And one of the things that ‘martial art’ means is being able to defend against punches.
And one of the most important places to defend punches from is when you’re on the bottom, in the guard.
Why the Guard?
On the ground it’s relatively easy to defend against strikes when you’re on top and in a dominant position.
If you’re on top then your opponent’s strikes will lack reach and power, plus anything that he tries to do you can do back to him ten times worse. In this situation you don’t need to worry too much about getting hit (still watch out for knives, needles, guns and other weapons though!).
But when the tables are turned, when you’re on the bottom and your opponent is over top of you, that’s when things get dangerous in a hurry!
Now he’s got all the power in the world thanks to gravity and the ability to rotate his body effectively. A heavy punch from the top position can end the fight instantly!
I discussed reach and power generation more thoroughly in the article called “Why the Mount is So Devastating in a Streetfight.
So the bottom position in a fight sucks.
But if you can’t reverse the position or get back to your feet then your best option from the bottom is to put your opponent into your guard.
In the guard you at least have a fighting chance – you’re not in a dominant position, sure, but here at least you can use your arms and your legs in coordination against your opponent. If you know what you’re doing then the guard is your best chance for survival on the bottom.
You’ve gone from definitely losing the fight to being roughly equal with your opponent.
Punch Defense from the Guard
Now the self defense guard is a deep topic – my friend Elliott Bayev and I recently produced a 4+ hour tutorial on the self defense guard. In that instructional we cover over 40 different techniques to deal with punches, kicks, standing opponents, kneeling opponents, etc.
Techniques on their own are great, but simply knowing a bunch of moves isn’t enough.
Knowledge without implementation is just book learning: it’s a good start but not sufficient. There’s nothing like the instant feedback of getting punched in the head to tell you that you’re doing something wrong!
When you want to make your techniques functional in real life it’s important to drill them against progressively increasing levels of resistance (the 5 levels of resistance are covered in this article here).
So you need to drill the moves from your guard, including your punch defense techniques, against increasing levels of resistance.
A Punch Defense Drill
In the video below you’ll see a very powerful (and street applicable) drill.
You’ll need 3 things:
- boxing gloves, bag gloves, or MMA gloves if you’re feeling brave
- a mouthguard
- an old T shirt that can get torn up.
The core of the drill is to put your opponent in your guard and defend while he tries to punch you. Typically you’ll do this drill from the closed guard but you can do it from other forms of guard too.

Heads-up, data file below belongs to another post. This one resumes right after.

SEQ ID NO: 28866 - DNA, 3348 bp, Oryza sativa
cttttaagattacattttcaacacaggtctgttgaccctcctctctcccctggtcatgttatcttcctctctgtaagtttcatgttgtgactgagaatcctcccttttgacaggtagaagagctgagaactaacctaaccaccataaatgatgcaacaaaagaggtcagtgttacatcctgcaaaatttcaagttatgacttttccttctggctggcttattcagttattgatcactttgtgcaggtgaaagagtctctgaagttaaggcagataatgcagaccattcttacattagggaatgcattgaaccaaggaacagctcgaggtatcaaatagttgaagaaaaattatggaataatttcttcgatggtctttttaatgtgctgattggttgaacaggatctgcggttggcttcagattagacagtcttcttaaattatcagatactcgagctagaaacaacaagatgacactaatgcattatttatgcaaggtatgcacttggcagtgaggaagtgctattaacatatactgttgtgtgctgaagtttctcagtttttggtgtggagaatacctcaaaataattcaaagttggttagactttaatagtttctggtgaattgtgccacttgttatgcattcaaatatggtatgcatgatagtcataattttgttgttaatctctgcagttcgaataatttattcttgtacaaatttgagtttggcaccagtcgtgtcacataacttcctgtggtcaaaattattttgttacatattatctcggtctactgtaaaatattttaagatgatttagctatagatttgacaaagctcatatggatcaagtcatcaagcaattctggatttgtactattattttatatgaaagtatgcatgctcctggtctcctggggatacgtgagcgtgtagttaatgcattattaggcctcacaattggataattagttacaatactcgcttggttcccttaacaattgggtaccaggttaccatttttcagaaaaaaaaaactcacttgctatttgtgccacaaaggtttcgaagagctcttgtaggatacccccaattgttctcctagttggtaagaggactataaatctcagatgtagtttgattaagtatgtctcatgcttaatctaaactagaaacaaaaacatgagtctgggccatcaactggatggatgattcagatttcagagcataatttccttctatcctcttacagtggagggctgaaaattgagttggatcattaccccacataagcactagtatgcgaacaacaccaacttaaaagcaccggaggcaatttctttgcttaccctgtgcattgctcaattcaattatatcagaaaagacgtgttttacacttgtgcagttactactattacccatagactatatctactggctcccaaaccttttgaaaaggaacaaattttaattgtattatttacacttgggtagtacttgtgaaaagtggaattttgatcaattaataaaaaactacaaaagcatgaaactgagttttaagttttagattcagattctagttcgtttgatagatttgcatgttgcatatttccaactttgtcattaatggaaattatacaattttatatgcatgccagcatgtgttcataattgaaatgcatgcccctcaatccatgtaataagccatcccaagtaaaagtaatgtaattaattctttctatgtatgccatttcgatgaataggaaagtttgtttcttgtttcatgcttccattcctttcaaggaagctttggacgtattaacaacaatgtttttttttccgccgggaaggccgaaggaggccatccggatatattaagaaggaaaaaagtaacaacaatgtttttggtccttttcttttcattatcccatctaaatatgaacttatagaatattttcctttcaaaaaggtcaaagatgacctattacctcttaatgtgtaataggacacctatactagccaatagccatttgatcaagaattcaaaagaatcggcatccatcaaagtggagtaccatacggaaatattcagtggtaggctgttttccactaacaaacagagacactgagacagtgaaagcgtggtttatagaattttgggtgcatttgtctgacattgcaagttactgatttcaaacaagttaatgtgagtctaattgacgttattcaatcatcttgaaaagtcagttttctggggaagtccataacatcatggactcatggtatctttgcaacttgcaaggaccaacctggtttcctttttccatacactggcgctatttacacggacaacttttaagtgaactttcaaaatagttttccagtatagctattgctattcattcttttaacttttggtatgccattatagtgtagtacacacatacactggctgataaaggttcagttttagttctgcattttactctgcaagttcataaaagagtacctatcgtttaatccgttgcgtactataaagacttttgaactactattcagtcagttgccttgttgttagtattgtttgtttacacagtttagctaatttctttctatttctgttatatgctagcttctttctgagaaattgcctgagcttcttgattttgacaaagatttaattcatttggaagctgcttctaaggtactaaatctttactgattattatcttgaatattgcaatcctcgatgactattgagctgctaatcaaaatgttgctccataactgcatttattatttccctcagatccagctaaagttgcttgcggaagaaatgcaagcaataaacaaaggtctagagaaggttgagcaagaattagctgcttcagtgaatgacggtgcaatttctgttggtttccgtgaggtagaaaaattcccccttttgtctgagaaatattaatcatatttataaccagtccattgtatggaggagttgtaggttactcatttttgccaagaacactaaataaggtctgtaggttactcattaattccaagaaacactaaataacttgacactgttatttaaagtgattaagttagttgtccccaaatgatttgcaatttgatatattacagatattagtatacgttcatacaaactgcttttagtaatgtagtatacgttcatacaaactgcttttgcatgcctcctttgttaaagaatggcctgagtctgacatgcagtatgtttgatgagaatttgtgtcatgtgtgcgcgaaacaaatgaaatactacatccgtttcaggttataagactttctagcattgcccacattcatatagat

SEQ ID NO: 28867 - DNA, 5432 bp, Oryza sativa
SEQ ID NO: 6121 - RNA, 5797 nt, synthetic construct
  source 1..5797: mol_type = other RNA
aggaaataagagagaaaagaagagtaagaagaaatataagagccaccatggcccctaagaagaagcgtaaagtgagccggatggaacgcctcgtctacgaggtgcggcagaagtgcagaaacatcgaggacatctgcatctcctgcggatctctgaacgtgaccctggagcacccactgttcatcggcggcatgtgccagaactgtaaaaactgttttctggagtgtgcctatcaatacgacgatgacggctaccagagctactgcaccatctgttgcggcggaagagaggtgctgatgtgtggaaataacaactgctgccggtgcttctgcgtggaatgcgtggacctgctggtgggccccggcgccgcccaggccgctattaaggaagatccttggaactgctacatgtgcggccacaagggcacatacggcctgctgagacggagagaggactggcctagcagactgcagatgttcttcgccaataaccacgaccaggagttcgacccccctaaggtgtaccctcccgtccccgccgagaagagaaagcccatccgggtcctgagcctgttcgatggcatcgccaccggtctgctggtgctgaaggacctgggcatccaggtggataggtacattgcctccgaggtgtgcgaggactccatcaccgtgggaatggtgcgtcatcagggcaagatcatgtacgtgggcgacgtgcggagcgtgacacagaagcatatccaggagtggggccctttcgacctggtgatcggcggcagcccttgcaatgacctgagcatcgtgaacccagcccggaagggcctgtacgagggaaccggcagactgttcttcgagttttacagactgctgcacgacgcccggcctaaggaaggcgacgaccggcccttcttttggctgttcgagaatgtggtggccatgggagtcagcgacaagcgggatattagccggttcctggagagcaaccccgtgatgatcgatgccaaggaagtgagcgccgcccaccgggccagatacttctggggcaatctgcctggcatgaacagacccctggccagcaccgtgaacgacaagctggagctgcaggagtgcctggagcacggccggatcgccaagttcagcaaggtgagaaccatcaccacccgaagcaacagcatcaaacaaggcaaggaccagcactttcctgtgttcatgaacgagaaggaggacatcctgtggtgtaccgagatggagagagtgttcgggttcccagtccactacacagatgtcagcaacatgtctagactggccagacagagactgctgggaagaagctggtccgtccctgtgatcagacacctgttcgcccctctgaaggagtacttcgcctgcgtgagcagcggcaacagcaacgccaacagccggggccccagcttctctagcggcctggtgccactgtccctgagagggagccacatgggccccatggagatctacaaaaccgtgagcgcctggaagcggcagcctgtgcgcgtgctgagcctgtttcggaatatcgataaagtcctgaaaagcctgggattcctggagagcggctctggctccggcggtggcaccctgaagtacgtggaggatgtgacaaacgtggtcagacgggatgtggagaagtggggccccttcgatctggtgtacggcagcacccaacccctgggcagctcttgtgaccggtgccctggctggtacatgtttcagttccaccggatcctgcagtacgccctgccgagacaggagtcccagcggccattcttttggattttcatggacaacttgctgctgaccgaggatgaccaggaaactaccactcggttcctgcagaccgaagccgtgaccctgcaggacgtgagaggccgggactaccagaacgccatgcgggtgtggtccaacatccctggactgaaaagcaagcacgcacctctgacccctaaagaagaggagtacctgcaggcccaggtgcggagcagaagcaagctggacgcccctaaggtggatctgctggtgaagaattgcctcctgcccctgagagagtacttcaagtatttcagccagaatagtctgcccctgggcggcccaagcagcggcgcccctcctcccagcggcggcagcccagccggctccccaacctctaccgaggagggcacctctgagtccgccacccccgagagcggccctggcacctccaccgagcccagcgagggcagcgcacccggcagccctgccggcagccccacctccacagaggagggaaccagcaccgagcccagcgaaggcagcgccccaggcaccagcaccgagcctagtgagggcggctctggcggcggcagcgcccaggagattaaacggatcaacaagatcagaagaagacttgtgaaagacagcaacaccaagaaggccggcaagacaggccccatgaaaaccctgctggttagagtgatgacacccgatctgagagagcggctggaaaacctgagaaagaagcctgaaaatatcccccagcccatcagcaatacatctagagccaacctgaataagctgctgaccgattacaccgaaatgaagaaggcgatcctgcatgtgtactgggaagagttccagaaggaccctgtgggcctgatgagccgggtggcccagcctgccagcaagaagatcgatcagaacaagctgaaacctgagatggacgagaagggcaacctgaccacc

One of the most important things you can do to stay safe from punches is to break his posture. If he’s bent over and unable to straight up then his punches will be much weaker and it’ll be much easier for you to control his arms.
Breaking posture without the BJJ gi on is quite tough – in a sweaty environment without cloth to grab.
What makes this particular drill different is that you’re going to use your opponent’s T shirt to control his body, break his posture, and jerk him off balance.
Now you DON’T want to grab the T shirt anywhere – it’ll just rip instantly.
Instead break his posture down, gather the material at the back of his shirt together (from the hem of the shirt to the neck) so you form a nice, solid handle right behind his neck.
Now insert your cross hand and get a solid grip on this manufactured handle. This is essentially a variation of the ‘cross collar grip’ that gets used in gi-based BJJ all the time.
I could go on and on about the techniques themselves, but the bottom line is that if you watch the video below and then go and try it out with a (sane) training partner you’ll figure it out very quickly.
Check it out the video below, and see if you can figure out how I snuck in the collar choke at about 2:00!
As I said, experience is a great teacher. There’s nothing like getting a punch or two to the noggin to sort out sloppy technique!
And once you become comfortable controlling your opponent and blocking all his punches from here you can use that same handle to set up your chokes, armlocks and sweeps, just like in BJJ class.
Turning the thin and delicate fabric of a shirt into a solid hand with which you can dominate your opponent is a trick that every self defense student should know!
More Self Defense Techniques from the Guard
If you want to take your self defense guard to the next level then check out the instructional I did with BJJ black belt Elliott Bayev.
It’s more than 4 hours and 40 techniques of high-percentage material that will allow you to start on the bottom in a real fight and still come out the victor.